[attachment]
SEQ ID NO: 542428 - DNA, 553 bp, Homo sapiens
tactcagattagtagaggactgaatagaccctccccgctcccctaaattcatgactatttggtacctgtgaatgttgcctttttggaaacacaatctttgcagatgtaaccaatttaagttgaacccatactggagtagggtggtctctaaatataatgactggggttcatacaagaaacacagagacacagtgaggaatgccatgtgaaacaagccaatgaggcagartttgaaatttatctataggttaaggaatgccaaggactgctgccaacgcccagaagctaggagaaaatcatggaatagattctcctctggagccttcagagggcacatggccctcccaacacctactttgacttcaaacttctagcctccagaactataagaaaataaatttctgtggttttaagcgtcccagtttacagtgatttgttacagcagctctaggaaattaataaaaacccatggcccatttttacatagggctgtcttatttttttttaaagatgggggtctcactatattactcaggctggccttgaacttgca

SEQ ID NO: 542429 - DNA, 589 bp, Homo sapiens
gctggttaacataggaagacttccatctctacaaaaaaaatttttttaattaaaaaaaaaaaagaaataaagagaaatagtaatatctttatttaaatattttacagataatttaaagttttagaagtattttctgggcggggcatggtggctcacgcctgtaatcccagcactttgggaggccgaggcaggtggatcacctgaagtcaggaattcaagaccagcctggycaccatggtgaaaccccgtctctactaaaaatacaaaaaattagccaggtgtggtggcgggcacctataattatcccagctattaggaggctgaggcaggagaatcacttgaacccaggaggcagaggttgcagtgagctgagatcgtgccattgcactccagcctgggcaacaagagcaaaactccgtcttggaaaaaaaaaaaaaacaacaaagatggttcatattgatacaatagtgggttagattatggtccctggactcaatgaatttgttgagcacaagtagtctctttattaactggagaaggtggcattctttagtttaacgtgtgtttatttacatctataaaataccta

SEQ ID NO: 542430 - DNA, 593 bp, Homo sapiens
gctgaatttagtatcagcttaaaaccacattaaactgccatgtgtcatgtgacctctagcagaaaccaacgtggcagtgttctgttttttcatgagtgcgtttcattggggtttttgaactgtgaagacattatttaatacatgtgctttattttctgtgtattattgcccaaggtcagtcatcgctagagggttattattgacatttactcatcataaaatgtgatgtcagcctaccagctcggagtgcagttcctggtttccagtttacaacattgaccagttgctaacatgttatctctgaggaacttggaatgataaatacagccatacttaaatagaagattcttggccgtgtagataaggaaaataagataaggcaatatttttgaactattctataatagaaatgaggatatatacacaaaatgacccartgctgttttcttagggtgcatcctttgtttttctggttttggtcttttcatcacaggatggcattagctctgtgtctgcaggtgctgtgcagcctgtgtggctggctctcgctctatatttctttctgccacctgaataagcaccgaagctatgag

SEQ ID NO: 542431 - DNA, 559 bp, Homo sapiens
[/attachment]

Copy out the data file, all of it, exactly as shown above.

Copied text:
SEQ ID NO: 542428 - DNA, 553 bp, Homo sapiens
tactcagattagtagaggactgaatagaccctccccgctcccctaaattcatgactatttggtacctgtgaatgttgcctttttggaaacacaatctttgcagatgtaaccaatttaagttgaacccatactggagtagggtggtctctaaatataatgactggggttcatacaagaaacacagagacacagtgaggaatgccatgtgaaacaagccaatgaggcagartttgaaatttatctataggttaaggaatgccaaggactgctgccaacgcccagaagctaggagaaaatcatggaatagattctcctctggagccttcagagggcacatggccctcccaacacctactttgacttcaaacttctagcctccagaactataagaaaataaatttctgtggttttaagcgtcccagtttacagtgatttgttacagcagctctaggaaattaataaaaacccatggcccatttttacatagggctgtcttatttttttttaaagatgggggtctcactatattactcaggctggccttgaacttgca

SEQ ID NO: 542429 - DNA, 589 bp, Homo sapiens
gctggttaacataggaagacttccatctctacaaaaaaaatttttttaattaaaaaaaaaaaagaaataaagagaaatagtaatatctttatttaaatattttacagataatttaaagttttagaagtattttctgggcggggcatggtggctcacgcctgtaatcccagcactttgggaggccgaggcaggtggatcacctgaagtcaggaattcaagaccagcctggycaccatggtgaaaccccgtctctactaaaaatacaaaaaattagccaggtgtggtggcgggcacctataattatcccagctattaggaggctgaggcaggagaatcacttgaacccaggaggcagaggttgcagtgagctgagatcgtgccattgcactccagcctgggcaacaagagcaaaactccgtcttggaaaaaaaaaaaaaacaacaaagatggttcatattgatacaatagtgggttagattatggtccctggactcaatgaatttgttgagcacaagtagtctctttattaactggagaaggtggcattctttagtttaacgtgtgtttatttacatctataaaataccta

SEQ ID NO: 542430 - DNA, 593 bp, Homo sapiens
gctgaatttagtatcagcttaaaaccacattaaactgccatgtgtcatgtgacctctagcagaaaccaacgtggcagtgttctgttttttcatgagtgcgtttcattggggtttttgaactgtgaagacattatttaatacatgtgctttattttctgtgtattattgcccaaggtcagtcatcgctagagggttattattgacatttactcatcataaaatgtgatgtcagcctaccagctcggagtgcagttcctggtttccagtttacaacattgaccagttgctaacatgttatctctgaggaacttggaatgataaatacagccatacttaaatagaagattcttggccgtgtagataaggaaaataagataaggcaatatttttgaactattctataatagaaatgaggatatatacacaaaatgacccartgctgttttcttagggtgcatcctttgtttttctggttttggtcttttcatcacaggatggcattagctctgtgtctgcaggtgctgtgcagcctgtgtggctggctctcgctctatatttctttctgccacctgaataagcaccgaagctatgag

SEQ ID NO: 542431 - DNA, 559 bp, Homo sapiens